Kimberly Brock Brown, owner and corporate chef of Culinary Concepts in Summerville, has been elected president of the American Culinary Federation.
She is the first woman, first African American and first pastry chef in 92 years to be elected president of the 14,000-member organization.
She will formally take office at the foundation’s 2021 national convention in Orlando in August.
During her nearly 30-year tenure with the federation, Brown has worked as an executive pastry chef in health care and corporate settings and served as an adjunct professor at Trident Technical College and Johnson & Wales University.
Brown is now serving a two-year term as vice president of the federation’s southeast region.
Congratulations, chef Brown. You make Charleston proud.
Wappoo Hall Road
Democrats striking out
It appears that the Biden administration is very concerned over the pace of vaccinations in the country.
This is the same vaccine program produced in record time by the Trump administration’s Project Warp Speed.
Many seem to forget that one year ago, many Democrats denounced any vaccine produced by any effort from the Trump administration. That’s strike one.
Next, we have the mayors of the larger cities with Democratic majorities seeking help from the federal government to help with the huge spike in gun violence.
These are the very same mayors who not only turned down the offer of help from the Trump administration over the past few years but campaigned against any federal presence in their cities. That’s strike two.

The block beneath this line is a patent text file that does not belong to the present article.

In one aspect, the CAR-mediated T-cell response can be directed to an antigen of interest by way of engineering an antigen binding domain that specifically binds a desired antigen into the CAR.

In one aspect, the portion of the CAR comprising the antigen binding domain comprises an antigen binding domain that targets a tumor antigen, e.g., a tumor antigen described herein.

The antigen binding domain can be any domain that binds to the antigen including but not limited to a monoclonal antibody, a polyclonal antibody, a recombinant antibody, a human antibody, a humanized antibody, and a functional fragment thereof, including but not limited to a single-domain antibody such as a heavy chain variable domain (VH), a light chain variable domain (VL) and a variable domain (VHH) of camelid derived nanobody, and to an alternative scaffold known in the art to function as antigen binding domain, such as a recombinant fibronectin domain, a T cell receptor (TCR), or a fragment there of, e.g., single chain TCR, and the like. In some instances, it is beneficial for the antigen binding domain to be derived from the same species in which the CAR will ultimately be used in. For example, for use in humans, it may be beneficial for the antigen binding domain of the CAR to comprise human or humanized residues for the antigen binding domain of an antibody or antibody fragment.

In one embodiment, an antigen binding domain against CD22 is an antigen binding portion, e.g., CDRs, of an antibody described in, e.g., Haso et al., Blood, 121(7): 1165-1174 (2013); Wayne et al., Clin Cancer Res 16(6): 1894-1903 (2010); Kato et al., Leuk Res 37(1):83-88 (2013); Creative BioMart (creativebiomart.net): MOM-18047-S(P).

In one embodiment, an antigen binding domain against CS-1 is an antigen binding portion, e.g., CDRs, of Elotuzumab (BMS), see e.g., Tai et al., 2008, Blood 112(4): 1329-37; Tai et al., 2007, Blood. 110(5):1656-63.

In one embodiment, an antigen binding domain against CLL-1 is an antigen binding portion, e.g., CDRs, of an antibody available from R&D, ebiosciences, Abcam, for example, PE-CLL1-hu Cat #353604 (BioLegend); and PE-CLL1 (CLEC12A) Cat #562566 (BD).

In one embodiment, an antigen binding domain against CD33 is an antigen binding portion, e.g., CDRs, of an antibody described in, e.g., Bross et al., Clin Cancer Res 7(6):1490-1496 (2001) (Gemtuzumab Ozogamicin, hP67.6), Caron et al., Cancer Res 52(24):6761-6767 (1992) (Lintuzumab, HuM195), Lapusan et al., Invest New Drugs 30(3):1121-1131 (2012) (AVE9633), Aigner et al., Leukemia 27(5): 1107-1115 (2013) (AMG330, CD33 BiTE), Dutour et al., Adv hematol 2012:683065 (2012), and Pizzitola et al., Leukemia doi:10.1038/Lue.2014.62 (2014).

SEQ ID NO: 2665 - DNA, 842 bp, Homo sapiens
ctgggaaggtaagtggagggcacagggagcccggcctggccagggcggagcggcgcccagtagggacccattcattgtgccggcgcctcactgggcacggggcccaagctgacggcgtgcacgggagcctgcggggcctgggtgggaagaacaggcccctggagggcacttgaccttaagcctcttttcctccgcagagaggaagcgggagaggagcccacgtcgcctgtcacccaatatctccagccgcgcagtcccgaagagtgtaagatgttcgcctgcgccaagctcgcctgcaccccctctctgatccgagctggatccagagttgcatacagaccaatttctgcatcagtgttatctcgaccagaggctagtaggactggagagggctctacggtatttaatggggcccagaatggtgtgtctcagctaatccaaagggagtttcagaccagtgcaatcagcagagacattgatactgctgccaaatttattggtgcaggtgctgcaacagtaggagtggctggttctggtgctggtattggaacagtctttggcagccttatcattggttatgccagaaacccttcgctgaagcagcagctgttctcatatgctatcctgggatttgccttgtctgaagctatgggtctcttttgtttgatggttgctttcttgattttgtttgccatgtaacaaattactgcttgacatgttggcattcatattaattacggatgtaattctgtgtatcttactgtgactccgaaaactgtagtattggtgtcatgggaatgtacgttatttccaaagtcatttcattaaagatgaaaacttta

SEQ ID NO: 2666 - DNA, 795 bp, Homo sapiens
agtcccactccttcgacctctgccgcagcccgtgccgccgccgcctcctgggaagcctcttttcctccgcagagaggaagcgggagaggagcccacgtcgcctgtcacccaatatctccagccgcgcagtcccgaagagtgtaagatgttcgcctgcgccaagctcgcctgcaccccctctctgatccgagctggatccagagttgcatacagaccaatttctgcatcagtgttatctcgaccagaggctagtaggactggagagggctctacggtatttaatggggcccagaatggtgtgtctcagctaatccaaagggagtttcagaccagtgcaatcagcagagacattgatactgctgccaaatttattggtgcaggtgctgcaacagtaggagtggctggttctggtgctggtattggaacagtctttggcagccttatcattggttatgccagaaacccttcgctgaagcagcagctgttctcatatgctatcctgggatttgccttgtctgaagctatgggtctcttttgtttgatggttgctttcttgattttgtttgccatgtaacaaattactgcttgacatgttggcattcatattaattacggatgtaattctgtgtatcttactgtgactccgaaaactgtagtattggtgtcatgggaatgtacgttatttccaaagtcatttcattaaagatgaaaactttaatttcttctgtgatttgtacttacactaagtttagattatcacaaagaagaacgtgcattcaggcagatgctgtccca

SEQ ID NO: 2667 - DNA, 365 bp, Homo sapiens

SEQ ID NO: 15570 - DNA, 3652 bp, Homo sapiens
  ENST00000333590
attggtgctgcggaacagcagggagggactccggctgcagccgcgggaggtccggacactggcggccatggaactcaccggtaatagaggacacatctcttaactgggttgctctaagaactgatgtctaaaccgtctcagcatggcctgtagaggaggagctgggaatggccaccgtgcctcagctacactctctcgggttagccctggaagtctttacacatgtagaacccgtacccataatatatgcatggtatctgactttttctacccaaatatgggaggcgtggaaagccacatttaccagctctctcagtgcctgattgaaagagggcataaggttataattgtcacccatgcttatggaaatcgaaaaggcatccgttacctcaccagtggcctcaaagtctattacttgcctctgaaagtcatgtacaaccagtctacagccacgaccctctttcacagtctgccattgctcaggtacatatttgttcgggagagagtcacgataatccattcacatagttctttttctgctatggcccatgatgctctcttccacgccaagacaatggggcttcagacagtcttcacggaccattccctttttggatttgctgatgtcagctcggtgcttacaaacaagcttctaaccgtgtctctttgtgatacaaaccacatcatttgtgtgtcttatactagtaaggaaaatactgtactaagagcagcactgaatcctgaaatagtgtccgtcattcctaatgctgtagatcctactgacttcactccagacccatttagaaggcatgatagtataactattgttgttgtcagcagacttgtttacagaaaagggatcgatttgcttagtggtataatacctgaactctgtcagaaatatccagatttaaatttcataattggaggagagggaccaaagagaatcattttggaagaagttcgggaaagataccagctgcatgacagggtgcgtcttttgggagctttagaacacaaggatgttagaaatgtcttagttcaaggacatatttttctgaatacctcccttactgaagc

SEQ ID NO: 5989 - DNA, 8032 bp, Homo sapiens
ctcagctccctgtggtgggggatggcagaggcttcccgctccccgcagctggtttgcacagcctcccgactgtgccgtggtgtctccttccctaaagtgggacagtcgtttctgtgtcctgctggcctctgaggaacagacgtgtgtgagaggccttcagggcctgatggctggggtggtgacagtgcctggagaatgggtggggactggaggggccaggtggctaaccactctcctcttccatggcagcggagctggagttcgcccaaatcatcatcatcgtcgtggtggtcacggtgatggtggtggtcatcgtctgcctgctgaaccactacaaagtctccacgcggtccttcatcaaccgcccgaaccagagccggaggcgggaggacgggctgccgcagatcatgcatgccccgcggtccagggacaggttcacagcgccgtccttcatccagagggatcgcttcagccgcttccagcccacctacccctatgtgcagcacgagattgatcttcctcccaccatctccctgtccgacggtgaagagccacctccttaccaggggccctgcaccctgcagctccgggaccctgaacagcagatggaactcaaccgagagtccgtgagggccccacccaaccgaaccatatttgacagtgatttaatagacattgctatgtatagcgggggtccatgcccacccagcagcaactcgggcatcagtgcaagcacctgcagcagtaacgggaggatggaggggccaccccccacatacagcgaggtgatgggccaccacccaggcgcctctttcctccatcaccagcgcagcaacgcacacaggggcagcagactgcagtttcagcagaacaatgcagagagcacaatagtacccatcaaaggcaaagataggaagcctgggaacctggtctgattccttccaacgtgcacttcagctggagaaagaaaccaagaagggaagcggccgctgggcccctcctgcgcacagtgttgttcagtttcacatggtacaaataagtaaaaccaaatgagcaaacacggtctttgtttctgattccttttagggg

Next, we look at the mess at the Southern border. That’s strike three, they’re out.
Please get vaccinated
The most recent COVID-19 statistics are causing me dismay and trepidation.
Rates of infection have started to go back up again, while the rate of vaccination has stalled, with fewer than 50% of South Carolinians vaccinated.
To those who have not yet had the shots, I urge you to please arrange to get one as soon as possible.
In countering the pandemic, the United States has the almost unique double privilege of early access to the vaccines and sufficient supply of vaccine to get everyone vaccinated.
Thanks to the amazing efforts of public health authorities, the shots are free and readily available, too.
While people in other countries are clamoring for the vaccine so that they can finally escape from the mayhem the pandemic has caused, it seems like folly to spurn the amazing opportunity we have to be the first nation in the world where we can boast we have beaten the virus.
So that we can all resume our lives and live free of the threat of this killer disease, please get vaccinated.
Grateful for Ken Burns
On a recent edition of “60 Minutes” when documentarian Ken Burns was interviewed, I was reminded how many specials I had enjoyed that he had produced. One in particular was a segment in “The War” about the Bataan Death March.
My husband and I grew up in Estill, the home of Manny Lawton, who survived Bataan and later wrote a book about it, “Some Survived.”
Mr. Burns relayed so many historical facts about that time.
We enjoyed Mr. Burn’s specials on the Civil War, the Vietnam War, country music and our favorite, the U.S. national parks. We recently visited six national parks in the west, from the Grand Canyon to Moab, Utah. Those parks are truly so inspiring.
Mr. Burns captured my heart as I watched, as I am sure he did many others who enjoyed these wonderful programs.
We all need to support public television so we can continue to remember special times of the past. I am thankful for SCETV and Ken Burns.